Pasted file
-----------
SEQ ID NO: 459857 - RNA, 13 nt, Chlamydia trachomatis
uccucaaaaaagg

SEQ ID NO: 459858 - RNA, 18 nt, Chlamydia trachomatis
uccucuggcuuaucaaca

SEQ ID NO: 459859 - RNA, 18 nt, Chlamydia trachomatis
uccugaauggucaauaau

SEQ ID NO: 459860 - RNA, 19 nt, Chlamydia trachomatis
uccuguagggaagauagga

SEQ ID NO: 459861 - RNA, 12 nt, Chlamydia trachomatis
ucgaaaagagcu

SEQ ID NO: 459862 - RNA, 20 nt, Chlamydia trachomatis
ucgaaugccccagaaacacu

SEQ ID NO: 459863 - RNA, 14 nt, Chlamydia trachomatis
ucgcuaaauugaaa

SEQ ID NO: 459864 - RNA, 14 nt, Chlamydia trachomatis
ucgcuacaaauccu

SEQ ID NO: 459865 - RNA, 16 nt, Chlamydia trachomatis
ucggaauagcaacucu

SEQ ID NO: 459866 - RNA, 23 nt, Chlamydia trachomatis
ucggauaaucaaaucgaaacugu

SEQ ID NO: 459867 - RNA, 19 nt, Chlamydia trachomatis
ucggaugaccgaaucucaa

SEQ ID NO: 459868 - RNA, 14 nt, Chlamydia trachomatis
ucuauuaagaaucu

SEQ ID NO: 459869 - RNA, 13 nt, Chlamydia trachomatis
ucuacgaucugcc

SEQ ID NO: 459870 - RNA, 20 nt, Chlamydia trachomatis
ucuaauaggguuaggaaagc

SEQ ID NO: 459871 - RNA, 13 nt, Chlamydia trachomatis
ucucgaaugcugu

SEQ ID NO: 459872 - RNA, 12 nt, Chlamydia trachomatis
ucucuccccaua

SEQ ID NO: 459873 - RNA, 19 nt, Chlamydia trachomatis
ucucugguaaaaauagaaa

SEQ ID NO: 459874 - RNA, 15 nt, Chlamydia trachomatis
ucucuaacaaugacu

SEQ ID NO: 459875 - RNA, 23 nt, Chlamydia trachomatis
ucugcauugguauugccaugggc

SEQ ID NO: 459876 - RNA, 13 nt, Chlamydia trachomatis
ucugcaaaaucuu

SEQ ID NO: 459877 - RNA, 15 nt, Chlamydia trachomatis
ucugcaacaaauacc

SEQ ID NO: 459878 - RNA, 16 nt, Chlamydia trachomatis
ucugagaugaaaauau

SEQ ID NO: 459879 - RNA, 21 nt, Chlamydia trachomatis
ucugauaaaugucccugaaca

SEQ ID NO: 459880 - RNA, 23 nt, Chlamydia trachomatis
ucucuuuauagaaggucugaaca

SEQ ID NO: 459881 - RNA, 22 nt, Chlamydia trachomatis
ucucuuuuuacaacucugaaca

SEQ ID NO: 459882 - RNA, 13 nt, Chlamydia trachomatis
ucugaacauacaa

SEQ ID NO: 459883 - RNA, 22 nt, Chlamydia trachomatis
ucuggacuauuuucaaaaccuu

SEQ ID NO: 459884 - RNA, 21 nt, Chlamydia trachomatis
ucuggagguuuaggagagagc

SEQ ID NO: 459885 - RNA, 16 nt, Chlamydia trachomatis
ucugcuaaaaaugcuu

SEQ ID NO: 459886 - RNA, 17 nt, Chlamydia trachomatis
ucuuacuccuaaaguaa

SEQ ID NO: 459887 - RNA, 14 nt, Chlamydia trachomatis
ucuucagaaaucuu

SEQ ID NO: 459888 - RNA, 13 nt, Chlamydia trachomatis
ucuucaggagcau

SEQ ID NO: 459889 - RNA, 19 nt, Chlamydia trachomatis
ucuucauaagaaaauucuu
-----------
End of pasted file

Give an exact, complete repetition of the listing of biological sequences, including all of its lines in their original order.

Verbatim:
SEQ ID NO: 459857 - RNA, 13 nt, Chlamydia trachomatis
uccucaaaaaagg

SEQ ID NO: 459858 - RNA, 18 nt, Chlamydia trachomatis
uccucuggcuuaucaaca

SEQ ID NO: 459859 - RNA, 18 nt, Chlamydia trachomatis
uccugaauggucaauaau

SEQ ID NO: 459860 - RNA, 19 nt, Chlamydia trachomatis
uccuguagggaagauagga

SEQ ID NO: 459861 - RNA, 12 nt, Chlamydia trachomatis
ucgaaaagagcu

SEQ ID NO: 459862 - RNA, 20 nt, Chlamydia trachomatis
ucgaaugccccagaaacacu

SEQ ID NO: 459863 - RNA, 14 nt, Chlamydia trachomatis
ucgcuaaauugaaa

SEQ ID NO: 459864 - RNA, 14 nt, Chlamydia trachomatis
ucgcuacaaauccu

SEQ ID NO: 459865 - RNA, 16 nt, Chlamydia trachomatis
ucggaauagcaacucu

SEQ ID NO: 459866 - RNA, 23 nt, Chlamydia trachomatis
ucggauaaucaaaucgaaacugu

SEQ ID NO: 459867 - RNA, 19 nt, Chlamydia trachomatis
ucggaugaccgaaucucaa

SEQ ID NO: 459868 - RNA, 14 nt, Chlamydia trachomatis
ucuauuaagaaucu

SEQ ID NO: 459869 - RNA, 13 nt, Chlamydia trachomatis
ucuacgaucugcc

SEQ ID NO: 459870 - RNA, 20 nt, Chlamydia trachomatis
ucuaauaggguuaggaaagc

SEQ ID NO: 459871 - RNA, 13 nt, Chlamydia trachomatis
ucucgaaugcugu

SEQ ID NO: 459872 - RNA, 12 nt, Chlamydia trachomatis
ucucuccccaua

SEQ ID NO: 459873 - RNA, 19 nt, Chlamydia trachomatis
ucucugguaaaaauagaaa

SEQ ID NO: 459874 - RNA, 15 nt, Chlamydia trachomatis
ucucuaacaaugacu

SEQ ID NO: 459875 - RNA, 23 nt, Chlamydia trachomatis
ucugcauugguauugccaugggc

SEQ ID NO: 459876 - RNA, 13 nt, Chlamydia trachomatis
ucugcaaaaucuu

SEQ ID NO: 459877 - RNA, 15 nt, Chlamydia trachomatis
ucugcaacaaauacc

SEQ ID NO: 459878 - RNA, 16 nt, Chlamydia trachomatis
ucugagaugaaaauau

SEQ ID NO: 459879 - RNA, 21 nt, Chlamydia trachomatis
ucugauaaaugucccugaaca

SEQ ID NO: 459880 - RNA, 23 nt, Chlamydia trachomatis
ucucuuuauagaaggucugaaca

SEQ ID NO: 459881 - RNA, 22 nt, Chlamydia trachomatis
ucucuuuuuacaacucugaaca

SEQ ID NO: 459882 - RNA, 13 nt, Chlamydia trachomatis
ucugaacauacaa

SEQ ID NO: 459883 - RNA, 22 nt, Chlamydia trachomatis
ucuggacuauuuucaaaaccuu

SEQ ID NO: 459884 - RNA, 21 nt, Chlamydia trachomatis
ucuggagguuuaggagagagc

SEQ ID NO: 459885 - RNA, 16 nt, Chlamydia trachomatis
ucugcuaaaaaugcuu

SEQ ID NO: 459886 - RNA, 17 nt, Chlamydia trachomatis
ucuuacuccuaaaguaa

SEQ ID NO: 459887 - RNA, 14 nt, Chlamydia trachomatis
ucuucagaaaucuu

SEQ ID NO: 459888 - RNA, 13 nt, Chlamydia trachomatis
ucuucaggagcau

SEQ ID NO: 459889 - RNA, 19 nt, Chlamydia trachomatis
ucuucauaagaaaauucuu